Acer C720 Chromebook

Less RAM, more storage accompanies touchscreen with price bump

Update: The new C720P Chromebook is now up for pre-order on amazon at the link below.

Original story​: Acer is building out a third version of its latest Chromebook platform, and this time the biggest notable feature is the addition of a touchscreen. This new C720P model is all but identical to the other C720's currently available, with the same chassis, screen size and ports, with just a few internal tweaks and of course the touchscreen. That screen is the same 11.6-inches across and 1366 x 768 resolution, but now has capacitive touch.

As for internals you're getting the same Haswell micro-architecture Celeron 2955U processor as the original C720, 32GB of storage rather than the 16GB found in the other models but a bump down to just 2GB of RAM from 4GB found in the original. For ports you have one USB 2.0 port, one USB 3.0 port, SDcard slot and HDMI out.

While performance of the touchscreen is yet to be known, it's a big deal to see Acer shipping a touchscreen Chromebook for such a low price. The Chromebook Pixel gave us an early look at what it's like to use Chrome OS on a touchscreen device, but at $1000 more than this upcoming C720P, it isn't much of a mass-market device.

Acer says the C720P will be on sale from Amazon, Best Buy and from Acer directly in early December.

More: Pre-order the Acer C720P Chromebook from Amazon

Source: Acer


Reader comments

Acer unveils touchscreen version of C720 Chromebook for $299 [update]


Is the RAM easily swappable on this model?

Posted from my "CrackDroid" Nexus 4 via the Android Central App

Why did they take away the 4GB? I would have bought immediately! Now I don't know if I should get this or the 4GB version...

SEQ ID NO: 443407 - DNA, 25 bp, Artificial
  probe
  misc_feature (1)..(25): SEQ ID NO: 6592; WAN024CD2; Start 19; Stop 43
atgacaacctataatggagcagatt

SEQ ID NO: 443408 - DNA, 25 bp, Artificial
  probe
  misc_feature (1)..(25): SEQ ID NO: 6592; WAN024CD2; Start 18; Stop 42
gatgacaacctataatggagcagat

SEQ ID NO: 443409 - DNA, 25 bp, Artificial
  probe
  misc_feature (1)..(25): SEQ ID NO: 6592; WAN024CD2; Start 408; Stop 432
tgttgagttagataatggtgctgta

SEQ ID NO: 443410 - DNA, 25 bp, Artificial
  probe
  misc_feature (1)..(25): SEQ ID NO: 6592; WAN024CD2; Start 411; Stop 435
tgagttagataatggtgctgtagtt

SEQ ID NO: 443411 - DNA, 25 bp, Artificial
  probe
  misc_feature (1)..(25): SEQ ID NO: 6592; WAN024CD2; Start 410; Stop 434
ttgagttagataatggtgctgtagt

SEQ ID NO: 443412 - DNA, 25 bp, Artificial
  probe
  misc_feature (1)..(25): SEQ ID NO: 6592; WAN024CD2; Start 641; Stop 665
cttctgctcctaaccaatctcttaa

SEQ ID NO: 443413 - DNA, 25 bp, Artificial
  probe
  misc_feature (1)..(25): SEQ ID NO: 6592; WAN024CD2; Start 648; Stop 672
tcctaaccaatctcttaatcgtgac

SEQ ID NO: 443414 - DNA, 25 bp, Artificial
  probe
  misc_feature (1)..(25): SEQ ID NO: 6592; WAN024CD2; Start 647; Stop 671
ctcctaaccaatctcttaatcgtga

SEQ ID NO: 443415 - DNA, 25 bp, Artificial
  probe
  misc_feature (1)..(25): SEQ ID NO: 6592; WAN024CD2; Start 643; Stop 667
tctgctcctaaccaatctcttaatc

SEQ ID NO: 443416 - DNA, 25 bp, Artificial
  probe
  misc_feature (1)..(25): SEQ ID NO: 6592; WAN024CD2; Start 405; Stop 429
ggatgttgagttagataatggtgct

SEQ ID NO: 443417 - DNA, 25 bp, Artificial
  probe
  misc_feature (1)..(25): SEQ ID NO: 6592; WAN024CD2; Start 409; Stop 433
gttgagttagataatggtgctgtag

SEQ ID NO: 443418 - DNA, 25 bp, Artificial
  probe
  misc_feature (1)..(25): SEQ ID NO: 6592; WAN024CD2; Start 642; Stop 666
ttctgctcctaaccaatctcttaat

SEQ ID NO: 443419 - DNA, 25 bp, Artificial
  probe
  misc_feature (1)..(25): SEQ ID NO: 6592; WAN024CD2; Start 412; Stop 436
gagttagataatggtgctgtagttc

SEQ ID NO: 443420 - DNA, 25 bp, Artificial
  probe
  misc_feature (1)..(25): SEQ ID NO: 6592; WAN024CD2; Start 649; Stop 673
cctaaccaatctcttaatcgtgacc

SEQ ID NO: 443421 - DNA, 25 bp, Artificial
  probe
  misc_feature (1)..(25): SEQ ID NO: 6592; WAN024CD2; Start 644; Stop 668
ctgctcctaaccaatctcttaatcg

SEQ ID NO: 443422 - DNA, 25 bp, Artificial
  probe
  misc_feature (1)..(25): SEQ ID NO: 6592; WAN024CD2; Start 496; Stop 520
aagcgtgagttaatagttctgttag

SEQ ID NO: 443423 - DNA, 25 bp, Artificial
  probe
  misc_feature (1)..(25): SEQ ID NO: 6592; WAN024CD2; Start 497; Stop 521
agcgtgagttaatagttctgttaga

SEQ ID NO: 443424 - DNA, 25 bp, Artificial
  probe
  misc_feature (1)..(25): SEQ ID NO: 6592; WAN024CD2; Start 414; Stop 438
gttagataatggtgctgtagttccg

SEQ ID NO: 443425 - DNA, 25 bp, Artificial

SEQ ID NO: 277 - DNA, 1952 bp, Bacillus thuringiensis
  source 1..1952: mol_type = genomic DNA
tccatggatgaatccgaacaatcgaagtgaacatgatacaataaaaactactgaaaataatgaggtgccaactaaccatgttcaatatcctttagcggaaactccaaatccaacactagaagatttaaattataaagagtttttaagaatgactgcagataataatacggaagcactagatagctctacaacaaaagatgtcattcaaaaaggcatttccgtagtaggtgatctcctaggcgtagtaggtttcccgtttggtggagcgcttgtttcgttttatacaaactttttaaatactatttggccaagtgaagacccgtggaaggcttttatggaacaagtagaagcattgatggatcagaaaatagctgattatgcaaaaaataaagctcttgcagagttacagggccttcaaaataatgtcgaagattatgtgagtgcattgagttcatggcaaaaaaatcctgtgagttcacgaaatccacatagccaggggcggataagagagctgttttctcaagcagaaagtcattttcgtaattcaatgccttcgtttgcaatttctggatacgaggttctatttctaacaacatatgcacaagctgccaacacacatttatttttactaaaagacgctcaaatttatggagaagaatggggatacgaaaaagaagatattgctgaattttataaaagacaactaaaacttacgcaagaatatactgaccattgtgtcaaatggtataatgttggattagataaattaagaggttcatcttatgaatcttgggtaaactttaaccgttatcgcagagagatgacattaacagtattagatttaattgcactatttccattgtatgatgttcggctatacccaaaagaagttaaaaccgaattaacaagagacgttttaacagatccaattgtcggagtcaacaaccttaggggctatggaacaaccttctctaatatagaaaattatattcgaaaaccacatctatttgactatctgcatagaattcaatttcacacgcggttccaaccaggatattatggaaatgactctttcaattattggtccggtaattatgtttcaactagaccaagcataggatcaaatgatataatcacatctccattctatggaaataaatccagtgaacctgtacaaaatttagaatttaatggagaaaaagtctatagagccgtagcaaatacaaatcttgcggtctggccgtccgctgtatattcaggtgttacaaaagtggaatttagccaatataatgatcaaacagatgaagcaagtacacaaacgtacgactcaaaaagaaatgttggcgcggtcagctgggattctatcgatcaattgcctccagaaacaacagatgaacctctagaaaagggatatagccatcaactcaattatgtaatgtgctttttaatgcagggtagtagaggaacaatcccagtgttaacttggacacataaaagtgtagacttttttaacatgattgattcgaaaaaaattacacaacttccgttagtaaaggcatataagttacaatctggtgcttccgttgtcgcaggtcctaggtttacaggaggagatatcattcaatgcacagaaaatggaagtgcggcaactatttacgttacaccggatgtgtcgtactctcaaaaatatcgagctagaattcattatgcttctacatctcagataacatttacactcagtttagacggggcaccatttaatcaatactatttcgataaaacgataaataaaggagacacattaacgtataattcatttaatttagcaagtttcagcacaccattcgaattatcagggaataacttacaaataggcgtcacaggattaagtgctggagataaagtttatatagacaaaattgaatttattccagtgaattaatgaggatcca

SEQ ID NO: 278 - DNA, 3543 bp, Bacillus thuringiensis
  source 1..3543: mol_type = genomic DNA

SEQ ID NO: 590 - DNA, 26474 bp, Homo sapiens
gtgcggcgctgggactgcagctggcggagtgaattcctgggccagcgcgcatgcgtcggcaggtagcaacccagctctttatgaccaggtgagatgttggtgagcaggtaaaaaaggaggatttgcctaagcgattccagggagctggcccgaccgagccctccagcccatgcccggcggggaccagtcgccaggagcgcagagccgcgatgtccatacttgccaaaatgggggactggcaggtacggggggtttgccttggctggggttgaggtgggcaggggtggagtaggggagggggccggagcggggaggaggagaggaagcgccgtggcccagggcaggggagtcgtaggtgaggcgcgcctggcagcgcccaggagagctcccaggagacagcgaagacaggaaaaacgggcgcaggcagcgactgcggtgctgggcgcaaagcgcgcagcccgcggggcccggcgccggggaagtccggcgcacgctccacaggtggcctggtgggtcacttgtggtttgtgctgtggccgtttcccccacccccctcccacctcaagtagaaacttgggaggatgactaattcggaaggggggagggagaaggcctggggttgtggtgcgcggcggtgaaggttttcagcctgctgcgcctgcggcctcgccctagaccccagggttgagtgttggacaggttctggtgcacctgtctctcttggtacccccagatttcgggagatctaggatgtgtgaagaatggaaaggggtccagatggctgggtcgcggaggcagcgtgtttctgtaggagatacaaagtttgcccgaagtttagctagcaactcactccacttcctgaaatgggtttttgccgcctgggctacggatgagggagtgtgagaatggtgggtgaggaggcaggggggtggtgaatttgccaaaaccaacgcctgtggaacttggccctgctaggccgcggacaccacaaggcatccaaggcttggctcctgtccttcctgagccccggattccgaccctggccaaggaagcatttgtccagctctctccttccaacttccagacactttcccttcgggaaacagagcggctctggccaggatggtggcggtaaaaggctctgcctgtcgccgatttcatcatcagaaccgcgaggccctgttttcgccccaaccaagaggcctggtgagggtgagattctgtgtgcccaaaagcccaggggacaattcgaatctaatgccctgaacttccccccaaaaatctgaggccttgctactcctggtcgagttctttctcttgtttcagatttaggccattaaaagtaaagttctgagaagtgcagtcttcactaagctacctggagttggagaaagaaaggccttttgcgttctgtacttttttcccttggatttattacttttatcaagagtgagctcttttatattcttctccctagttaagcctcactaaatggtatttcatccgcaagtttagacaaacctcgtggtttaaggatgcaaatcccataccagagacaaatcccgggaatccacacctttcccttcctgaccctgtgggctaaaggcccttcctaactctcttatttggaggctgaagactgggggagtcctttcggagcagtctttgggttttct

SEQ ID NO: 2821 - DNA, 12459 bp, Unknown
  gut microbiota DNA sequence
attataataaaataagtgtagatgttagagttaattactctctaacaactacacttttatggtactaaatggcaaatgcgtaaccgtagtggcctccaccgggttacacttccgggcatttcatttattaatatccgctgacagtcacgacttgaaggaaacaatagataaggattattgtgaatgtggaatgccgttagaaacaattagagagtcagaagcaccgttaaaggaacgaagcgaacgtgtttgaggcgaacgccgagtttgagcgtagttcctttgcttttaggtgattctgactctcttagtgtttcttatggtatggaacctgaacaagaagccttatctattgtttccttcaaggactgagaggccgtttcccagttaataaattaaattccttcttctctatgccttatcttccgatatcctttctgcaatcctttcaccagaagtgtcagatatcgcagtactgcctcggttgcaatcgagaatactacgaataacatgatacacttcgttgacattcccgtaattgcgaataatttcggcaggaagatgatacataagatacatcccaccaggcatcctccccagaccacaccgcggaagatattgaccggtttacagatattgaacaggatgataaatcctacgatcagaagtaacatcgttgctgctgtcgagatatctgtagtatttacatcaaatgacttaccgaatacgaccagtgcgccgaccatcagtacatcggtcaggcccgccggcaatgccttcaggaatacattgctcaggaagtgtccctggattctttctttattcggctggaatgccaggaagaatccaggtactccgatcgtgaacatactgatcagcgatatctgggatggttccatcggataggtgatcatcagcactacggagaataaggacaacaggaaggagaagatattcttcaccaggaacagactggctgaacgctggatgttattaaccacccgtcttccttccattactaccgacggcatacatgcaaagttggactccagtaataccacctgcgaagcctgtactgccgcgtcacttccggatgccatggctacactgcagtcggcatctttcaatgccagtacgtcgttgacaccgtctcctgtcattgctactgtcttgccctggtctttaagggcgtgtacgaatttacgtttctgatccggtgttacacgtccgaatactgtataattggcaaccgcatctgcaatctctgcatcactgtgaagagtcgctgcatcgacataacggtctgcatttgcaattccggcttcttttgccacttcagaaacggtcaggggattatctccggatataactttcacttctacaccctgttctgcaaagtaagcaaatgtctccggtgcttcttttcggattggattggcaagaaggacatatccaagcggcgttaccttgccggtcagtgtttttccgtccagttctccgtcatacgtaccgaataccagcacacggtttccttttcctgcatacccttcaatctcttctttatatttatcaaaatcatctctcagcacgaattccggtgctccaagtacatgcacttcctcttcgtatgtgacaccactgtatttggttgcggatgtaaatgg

But I would have rather had touchscreen and 16GB, as the reply before you says, RAM always goes up, but you have cloud storage for the rest... Oh well...

Right, I'm making the assumption they decided on that tradeoff and for whatever reason said storage was more important than RAM on this device. Most would probably prefer the opposite, but who knows.

Is there really a worry about running into RAM issues on a device like this? Seems like the OS is pretty light weight as are most of the apps (though this could be completely wrong as I have no experience with Chrome OS).

Because this is based on the $199 2GB version, not the $249 4GB version. So technically they didn't take away any RAM.

Posted from my pure Google Nexus 4 using the AC app.

Hard to say that it's "based" on one model. All three C720's are nearly identical. $199 w/ 2GB of RAM, 16GB storage; $249 w/ 4GB of RAM, 16GB storage; or $299 with touchscreen, 2GB of RAM and 32GB storage.

If I have a laptop, I kill anyone who touches my screen. I'll get the 4gb version when the price goes down because of this. WINNING!

I have the 2gb c720, honestly it flies. Streamed some video had a few tabs open and seems highly responsive.

Still, 4 GB of RAM + 16 GB at $299 or even $349 would've been nice. That's how much I paid for my HP Chromebook 14 (with 4 GB of RAM), and I am absolutely in love with this thing. The extra RAM is comforting, and the extra storage space really isn't needed on a device like this (it's why I have a 64 GB Micro SD card).